Clive got off his bike and approached the man.

“Mornin,” said Clive.

“Who goes there!” bellowed the man, who had leapt to his feet.

Clive held up his hands, to show he meant no harm and said, “I’m Clive Barrowman, as you can see, I’m a constable.”

The man produced a device, it looked like a mix between a sextant and a kaleidoscope, and inspected Clive from head to toes. With a satisfied “hmmm”, he put it away.

“Please accept my apology,” the man said with a formal bow, “but I cannot shirk my vow, given what is to come.”

“Right, of course,” replied Clive who was more confused than before.

“Allow me to introduce myself, I am Godfrey, Keeper of the Gate.”

“Nice to meet you sir.”

Godfrey looked at him expectantly.

“And what can I do for the Shire Reeve this fine morning?” asked the Keeper of the Gate.

Clive paused, it took him a beat to realize that that he was the Shire Reeve.

“Well sir, it’s just that there’s been a bit of controversy about…This area.”

Godfrey nodded.

“And I just wanted to check and see if…”

Clive realized that he had no solid orders as to what to do if a large tent, like you might see in a historical drama was erected on the side of the road.

“All was well,” finished Clive.

“Indeed it is!” said Godfrey, “And I thank you for checking in on your side of the veil.”

The question of what exactly his side of the “veil” was tabled as the car pulled up to them. It was a sleek German roadster with a dark red paint job and the driver-side window lowered with the sound of tiny motors whirring.

In that window was a breathtakingly beautiful woman with silver hair, bright green eyes and a sly smile on her perfect face. She extended her perfectly manicured hand to present an envelope to Godfrey.

“Lady,” the Keeper of the Gate said as he bowed and took the envelope.

Clive also bowed. He was not naturally a bower, but this seemed to be the proper thing to do.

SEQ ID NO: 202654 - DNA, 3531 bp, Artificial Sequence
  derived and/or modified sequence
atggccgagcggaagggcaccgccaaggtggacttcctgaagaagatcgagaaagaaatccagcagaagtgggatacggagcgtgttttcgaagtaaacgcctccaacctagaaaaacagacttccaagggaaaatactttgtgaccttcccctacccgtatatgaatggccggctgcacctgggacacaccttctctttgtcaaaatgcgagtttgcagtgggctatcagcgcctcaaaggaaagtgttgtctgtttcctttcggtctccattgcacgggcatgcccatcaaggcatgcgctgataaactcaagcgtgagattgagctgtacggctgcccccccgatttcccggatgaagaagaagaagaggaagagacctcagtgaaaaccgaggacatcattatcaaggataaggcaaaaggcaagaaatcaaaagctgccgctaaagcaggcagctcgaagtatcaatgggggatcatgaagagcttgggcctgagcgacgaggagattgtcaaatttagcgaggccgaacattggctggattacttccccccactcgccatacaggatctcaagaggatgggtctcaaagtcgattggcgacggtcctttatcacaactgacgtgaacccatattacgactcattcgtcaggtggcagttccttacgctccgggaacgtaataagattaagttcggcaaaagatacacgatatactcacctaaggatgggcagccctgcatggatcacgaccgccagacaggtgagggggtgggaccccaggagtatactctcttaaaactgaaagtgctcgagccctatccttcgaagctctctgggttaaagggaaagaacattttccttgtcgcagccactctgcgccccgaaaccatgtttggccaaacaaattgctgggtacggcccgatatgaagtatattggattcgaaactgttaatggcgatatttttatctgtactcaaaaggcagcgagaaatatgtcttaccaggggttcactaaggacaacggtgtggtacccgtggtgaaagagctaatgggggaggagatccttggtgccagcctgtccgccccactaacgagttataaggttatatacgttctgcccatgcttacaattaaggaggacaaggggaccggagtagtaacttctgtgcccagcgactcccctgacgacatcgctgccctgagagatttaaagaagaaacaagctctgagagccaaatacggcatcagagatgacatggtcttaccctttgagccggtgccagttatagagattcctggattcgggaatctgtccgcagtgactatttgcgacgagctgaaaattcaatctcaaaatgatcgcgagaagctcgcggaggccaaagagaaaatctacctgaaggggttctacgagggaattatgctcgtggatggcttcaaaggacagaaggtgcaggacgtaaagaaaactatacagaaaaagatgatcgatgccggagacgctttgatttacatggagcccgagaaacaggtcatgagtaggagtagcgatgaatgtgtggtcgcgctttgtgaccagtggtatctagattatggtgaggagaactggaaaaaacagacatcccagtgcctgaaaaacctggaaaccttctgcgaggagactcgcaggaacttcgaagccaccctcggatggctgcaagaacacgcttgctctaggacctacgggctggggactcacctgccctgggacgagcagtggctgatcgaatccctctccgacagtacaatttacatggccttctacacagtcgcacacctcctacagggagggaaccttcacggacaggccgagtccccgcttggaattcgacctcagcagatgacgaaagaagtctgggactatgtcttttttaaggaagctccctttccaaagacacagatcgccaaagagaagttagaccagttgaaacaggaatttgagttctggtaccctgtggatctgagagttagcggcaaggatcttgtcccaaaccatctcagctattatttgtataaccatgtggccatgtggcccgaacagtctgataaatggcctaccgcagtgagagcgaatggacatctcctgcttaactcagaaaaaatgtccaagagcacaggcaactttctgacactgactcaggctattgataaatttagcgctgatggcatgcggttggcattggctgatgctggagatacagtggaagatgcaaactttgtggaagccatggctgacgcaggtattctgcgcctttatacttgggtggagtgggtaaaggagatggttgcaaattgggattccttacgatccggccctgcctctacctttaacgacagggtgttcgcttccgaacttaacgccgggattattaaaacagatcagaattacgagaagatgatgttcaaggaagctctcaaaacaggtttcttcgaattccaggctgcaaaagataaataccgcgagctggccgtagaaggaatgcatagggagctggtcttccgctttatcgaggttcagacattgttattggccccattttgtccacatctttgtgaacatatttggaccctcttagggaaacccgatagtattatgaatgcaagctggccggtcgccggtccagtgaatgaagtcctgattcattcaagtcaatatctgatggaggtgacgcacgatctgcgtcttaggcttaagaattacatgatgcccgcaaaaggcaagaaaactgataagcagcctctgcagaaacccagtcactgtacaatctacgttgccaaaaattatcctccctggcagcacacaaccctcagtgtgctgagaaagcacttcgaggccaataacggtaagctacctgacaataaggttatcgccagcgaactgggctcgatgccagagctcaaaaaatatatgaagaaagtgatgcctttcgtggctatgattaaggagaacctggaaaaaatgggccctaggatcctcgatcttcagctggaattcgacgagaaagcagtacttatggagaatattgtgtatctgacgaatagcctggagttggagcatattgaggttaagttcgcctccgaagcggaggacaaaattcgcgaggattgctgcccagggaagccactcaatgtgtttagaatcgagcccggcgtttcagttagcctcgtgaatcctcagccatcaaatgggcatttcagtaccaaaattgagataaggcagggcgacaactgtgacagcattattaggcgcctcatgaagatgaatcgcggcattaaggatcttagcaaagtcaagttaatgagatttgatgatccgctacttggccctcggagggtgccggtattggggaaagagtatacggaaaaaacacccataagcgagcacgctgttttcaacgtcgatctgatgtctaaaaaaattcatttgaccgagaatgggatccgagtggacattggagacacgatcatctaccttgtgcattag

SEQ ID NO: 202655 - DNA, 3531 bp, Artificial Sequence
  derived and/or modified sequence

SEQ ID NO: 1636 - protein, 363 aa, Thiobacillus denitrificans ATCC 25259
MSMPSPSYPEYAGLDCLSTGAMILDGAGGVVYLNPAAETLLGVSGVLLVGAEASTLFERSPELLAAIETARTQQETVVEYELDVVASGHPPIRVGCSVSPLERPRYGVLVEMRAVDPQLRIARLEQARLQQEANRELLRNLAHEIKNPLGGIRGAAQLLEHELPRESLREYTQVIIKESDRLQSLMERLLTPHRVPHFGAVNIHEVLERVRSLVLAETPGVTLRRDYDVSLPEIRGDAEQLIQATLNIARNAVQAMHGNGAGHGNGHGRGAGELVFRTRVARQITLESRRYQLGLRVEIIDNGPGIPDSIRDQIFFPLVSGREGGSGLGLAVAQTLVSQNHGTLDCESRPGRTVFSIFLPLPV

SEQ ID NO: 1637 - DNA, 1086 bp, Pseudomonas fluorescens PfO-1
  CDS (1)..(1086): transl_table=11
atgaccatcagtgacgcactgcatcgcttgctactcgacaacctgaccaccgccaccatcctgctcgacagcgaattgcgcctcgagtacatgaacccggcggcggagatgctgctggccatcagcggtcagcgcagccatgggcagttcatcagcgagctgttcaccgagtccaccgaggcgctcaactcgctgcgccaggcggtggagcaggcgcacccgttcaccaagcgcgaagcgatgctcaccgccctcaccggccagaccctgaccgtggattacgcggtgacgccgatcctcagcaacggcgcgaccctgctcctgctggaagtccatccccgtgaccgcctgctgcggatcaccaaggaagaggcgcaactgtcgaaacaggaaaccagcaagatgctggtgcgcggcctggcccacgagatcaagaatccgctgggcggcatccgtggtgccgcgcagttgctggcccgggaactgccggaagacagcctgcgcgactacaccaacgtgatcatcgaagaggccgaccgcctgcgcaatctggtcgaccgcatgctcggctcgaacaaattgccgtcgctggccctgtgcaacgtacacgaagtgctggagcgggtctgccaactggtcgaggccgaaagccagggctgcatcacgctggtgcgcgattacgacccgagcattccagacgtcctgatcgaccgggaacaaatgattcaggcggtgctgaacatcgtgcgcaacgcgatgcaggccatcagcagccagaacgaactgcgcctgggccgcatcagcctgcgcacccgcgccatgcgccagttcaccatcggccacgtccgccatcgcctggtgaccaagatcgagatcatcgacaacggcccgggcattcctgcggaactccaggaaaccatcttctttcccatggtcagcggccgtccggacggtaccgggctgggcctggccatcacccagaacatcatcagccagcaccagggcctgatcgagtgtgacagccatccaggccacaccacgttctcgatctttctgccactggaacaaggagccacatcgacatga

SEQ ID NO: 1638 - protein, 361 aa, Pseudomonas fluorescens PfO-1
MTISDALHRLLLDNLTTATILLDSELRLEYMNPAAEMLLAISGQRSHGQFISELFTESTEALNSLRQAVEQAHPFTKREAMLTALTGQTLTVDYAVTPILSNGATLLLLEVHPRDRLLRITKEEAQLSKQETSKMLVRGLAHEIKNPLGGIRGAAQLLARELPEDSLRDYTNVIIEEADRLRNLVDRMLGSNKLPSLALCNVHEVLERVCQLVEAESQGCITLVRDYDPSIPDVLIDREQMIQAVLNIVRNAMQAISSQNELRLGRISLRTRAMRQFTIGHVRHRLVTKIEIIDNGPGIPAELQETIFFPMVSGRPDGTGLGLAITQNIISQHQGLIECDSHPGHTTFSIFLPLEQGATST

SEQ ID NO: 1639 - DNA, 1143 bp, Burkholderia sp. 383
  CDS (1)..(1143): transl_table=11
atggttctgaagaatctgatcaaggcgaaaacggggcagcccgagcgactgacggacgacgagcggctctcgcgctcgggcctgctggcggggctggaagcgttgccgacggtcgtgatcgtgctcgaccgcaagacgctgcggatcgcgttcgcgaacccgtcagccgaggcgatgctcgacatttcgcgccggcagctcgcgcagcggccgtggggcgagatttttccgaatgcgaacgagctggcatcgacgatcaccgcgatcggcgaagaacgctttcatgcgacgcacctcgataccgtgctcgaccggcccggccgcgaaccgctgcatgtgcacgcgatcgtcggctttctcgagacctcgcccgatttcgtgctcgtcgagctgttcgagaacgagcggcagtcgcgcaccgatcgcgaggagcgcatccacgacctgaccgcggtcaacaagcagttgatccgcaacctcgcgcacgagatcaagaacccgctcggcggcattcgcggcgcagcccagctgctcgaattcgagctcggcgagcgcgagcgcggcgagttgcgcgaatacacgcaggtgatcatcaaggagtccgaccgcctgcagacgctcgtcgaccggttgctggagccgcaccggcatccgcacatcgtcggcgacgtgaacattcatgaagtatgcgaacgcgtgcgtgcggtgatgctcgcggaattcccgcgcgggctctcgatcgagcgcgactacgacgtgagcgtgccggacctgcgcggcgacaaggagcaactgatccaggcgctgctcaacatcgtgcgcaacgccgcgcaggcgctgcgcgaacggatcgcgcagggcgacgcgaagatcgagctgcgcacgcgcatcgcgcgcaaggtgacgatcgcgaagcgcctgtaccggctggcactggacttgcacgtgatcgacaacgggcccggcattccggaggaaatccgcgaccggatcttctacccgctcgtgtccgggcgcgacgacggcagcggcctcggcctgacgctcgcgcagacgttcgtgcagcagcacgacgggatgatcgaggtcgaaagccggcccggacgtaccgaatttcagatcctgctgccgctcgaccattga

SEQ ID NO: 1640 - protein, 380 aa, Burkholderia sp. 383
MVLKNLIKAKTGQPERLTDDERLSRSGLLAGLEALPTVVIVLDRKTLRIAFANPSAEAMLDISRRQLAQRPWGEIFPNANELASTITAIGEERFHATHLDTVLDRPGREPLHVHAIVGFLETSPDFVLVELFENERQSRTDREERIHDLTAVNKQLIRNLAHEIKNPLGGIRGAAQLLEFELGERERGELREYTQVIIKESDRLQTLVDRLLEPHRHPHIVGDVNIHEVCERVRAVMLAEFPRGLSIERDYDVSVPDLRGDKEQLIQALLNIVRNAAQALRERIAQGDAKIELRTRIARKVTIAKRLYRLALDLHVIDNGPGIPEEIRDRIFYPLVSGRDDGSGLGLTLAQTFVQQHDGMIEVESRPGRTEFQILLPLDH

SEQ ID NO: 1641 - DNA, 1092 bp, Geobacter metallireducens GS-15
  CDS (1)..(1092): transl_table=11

Godfrey opened the envelope and scanned the contents.

“You are expected, Lady,” said Godfrey.

She laughed and it sounded like rain on the leaves. With that, the window whirred closed and the car sped off towards “That Place.”

Godfrey turned to Clive and said, “If you’ll please excuse me, things are about to get busy.”

Posted in Short Stories

That Place, Part 9

Roger Lumkin and Judy Woodsmith were young and in love. You can add frustrated to that short list. Since things had become fearful in town, slipping away for some fun became downright impossible. A curfew had been established, all underaged persons were to be at home, specifically their parent’s home, before sundown.

This led to a larger than average volume of familial arguments, in both meanings of the word. Lines were drawn, feet put down and the desire to hear another word on the subject was nil.

Judy, who was Margery’s daughter in more ways than merely biological, had a plan. Her mother had insisted that she strictly adhere to the curfew, after all, it wouldn’t do for the leader of the town council’s daughter to be caught breaking curfew. No, that wouldn’t do at all. What would people think?

While her mother was obsessed with propriety, Judy was more interested in spending time with Roger. It’s understandable that as a teenager, love seems like the most potent thing in the world and no one could possibly understand what they were feeling! Of course everyone feels that way but it takes some perspective, which will come with time.

As I said, Judy had a plan. After arguing with her mum and losing, she broke down, shed a few tears and told her that she loved her and that she understood. Margery, who was keen eyed in spotting the weakness in others, had a blind spot for her daughter, who she assumed was just like her. She was, but instead of bullying people to get her way, and lets make no bones about it, Margery was a bully, Judy just told people what they wanted to hear and did what she wanted.